10:00 PM PDT on Wednesday, June 22, 2011
By DARRELL R. SANTSCHI
The Highland City Council has approved a spending plan that is balanced without layoffs or cuts in service and includes $155 million in planned public improvements over the next five years.
The budget calls for the city to spend $15.3 million in the fiscal year beginning July 1 on its general fund, which pays for most day-to-day expenses. The city’s two-year spending program calls for $14.7 million in general fund expenses in the 2012-13 fiscal year.
Councilwoman Jody Scott, who wants city employees to pay a share of their retirement benefits, was the only no vote. Mayor Larry McCallon was absent.
Scott said by phone this week that she opposed the plan because it requires Highland to pay the full amount of employees’ retirement contributions to the Public Employees Retirement System. She said that includes the city’s share, equal to about 14 percent of pay, and the employees’ share, about 8 percent.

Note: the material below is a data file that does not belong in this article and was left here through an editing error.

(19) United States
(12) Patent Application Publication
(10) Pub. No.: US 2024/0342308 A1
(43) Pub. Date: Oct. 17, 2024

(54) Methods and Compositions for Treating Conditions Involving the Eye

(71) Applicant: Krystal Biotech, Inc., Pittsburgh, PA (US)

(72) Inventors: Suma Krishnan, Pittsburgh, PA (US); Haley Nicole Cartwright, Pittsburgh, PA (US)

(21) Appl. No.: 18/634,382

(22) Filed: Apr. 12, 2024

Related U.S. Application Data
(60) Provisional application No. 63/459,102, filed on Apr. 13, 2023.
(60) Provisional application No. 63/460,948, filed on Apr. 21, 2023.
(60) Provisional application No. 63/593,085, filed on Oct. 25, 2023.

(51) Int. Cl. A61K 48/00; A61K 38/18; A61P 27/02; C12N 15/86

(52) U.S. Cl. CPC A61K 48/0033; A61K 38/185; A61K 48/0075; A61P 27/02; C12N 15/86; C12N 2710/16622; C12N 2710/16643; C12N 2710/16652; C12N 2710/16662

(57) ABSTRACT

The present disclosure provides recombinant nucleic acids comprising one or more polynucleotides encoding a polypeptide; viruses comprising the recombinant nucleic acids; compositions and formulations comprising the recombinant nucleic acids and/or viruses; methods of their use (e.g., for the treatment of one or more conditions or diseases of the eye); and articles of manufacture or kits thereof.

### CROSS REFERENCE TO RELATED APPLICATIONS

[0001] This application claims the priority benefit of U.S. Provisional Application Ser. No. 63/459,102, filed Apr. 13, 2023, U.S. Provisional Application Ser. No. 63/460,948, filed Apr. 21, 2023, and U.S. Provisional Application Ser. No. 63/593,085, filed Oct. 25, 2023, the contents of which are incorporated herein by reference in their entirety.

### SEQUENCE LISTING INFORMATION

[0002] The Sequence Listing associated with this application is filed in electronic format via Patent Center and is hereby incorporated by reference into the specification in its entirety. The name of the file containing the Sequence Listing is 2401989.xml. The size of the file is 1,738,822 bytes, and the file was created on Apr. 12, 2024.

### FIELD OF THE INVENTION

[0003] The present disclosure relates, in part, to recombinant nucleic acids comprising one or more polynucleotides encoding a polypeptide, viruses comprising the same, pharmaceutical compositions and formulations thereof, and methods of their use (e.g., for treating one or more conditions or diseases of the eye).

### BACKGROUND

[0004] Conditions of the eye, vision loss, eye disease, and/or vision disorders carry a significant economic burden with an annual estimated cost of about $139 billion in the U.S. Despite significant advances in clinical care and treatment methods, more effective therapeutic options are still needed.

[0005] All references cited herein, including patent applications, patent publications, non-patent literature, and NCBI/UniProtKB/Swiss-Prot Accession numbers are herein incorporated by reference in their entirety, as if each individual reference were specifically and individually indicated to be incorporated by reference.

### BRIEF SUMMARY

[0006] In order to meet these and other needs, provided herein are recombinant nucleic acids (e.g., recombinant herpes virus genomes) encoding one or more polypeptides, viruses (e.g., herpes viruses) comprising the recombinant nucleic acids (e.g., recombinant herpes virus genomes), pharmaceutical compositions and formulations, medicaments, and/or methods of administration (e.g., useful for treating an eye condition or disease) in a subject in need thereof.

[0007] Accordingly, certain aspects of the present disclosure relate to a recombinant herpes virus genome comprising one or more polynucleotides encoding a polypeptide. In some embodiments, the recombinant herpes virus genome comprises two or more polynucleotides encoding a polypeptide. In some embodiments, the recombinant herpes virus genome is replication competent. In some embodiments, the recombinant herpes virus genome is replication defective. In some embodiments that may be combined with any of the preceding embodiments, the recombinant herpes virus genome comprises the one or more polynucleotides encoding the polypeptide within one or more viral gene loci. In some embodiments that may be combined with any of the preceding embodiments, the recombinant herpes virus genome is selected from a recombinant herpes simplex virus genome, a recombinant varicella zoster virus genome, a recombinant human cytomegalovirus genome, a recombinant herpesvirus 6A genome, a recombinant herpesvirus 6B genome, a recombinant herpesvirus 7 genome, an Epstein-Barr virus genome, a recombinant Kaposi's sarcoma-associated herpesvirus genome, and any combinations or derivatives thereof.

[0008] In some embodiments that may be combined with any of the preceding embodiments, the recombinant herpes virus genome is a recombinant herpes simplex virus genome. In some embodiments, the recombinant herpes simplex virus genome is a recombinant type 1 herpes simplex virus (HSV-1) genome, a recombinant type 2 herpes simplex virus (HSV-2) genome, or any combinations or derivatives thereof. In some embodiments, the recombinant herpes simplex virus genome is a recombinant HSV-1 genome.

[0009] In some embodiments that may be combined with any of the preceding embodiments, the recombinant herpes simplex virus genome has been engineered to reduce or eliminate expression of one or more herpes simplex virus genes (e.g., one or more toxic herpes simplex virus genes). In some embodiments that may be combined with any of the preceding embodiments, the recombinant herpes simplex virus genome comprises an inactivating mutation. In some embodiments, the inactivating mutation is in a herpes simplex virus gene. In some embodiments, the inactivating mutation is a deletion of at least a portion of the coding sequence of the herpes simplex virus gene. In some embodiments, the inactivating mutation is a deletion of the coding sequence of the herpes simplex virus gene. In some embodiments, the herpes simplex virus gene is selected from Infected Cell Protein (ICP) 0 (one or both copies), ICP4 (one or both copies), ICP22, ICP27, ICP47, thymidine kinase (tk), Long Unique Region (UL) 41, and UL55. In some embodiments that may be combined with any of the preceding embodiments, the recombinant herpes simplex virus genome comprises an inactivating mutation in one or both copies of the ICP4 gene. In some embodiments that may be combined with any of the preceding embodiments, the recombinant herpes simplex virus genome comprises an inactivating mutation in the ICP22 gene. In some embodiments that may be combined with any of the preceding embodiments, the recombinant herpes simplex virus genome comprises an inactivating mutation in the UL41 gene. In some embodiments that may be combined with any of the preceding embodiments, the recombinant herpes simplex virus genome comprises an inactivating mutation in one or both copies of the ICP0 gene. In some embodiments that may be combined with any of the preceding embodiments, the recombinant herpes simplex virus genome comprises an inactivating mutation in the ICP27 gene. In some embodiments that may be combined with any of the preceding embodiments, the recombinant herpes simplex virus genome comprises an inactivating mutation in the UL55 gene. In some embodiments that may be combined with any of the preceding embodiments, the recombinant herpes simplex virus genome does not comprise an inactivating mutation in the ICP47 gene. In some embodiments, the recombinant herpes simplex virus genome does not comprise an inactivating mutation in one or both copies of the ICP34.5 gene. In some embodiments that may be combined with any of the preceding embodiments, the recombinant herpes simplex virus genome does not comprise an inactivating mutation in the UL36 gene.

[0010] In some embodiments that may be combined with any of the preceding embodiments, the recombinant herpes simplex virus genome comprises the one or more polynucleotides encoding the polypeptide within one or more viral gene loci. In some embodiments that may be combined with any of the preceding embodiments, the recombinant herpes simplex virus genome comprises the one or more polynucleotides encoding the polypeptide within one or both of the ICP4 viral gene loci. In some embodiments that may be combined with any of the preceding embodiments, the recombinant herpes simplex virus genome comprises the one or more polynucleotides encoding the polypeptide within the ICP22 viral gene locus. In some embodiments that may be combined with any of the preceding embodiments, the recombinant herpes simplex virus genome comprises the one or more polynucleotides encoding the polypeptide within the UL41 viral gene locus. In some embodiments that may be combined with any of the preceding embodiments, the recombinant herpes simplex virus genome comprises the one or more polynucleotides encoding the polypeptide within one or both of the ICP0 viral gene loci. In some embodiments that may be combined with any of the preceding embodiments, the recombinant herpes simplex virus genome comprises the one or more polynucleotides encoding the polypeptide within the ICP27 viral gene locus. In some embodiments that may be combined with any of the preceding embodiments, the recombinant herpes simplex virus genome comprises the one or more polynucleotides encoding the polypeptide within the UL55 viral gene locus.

“I just don’t think we should be giving away the farm for future generations,” she said.
Scott said she wants employees to at least pay their share of the retirement contribution.
City Manager Joe Hughes told the council earlier that the budget is balanced without any cuts in service, but warned that cuts in law enforcement may come if San Bernardino County is unable to stave off two pay raises for sheriff’s deputies in the coming year.
The city is dipping into reserves to pay $63,000 a year to add a gang crime detective to the force of deputies working for the city under a $6.8 million contract with the San Bernardino County Sheriff’s Department.
Hughes said the city has set aside enough money to accommodate a 2.5 percent increase in the cost of the contract.
To read entire story, click here.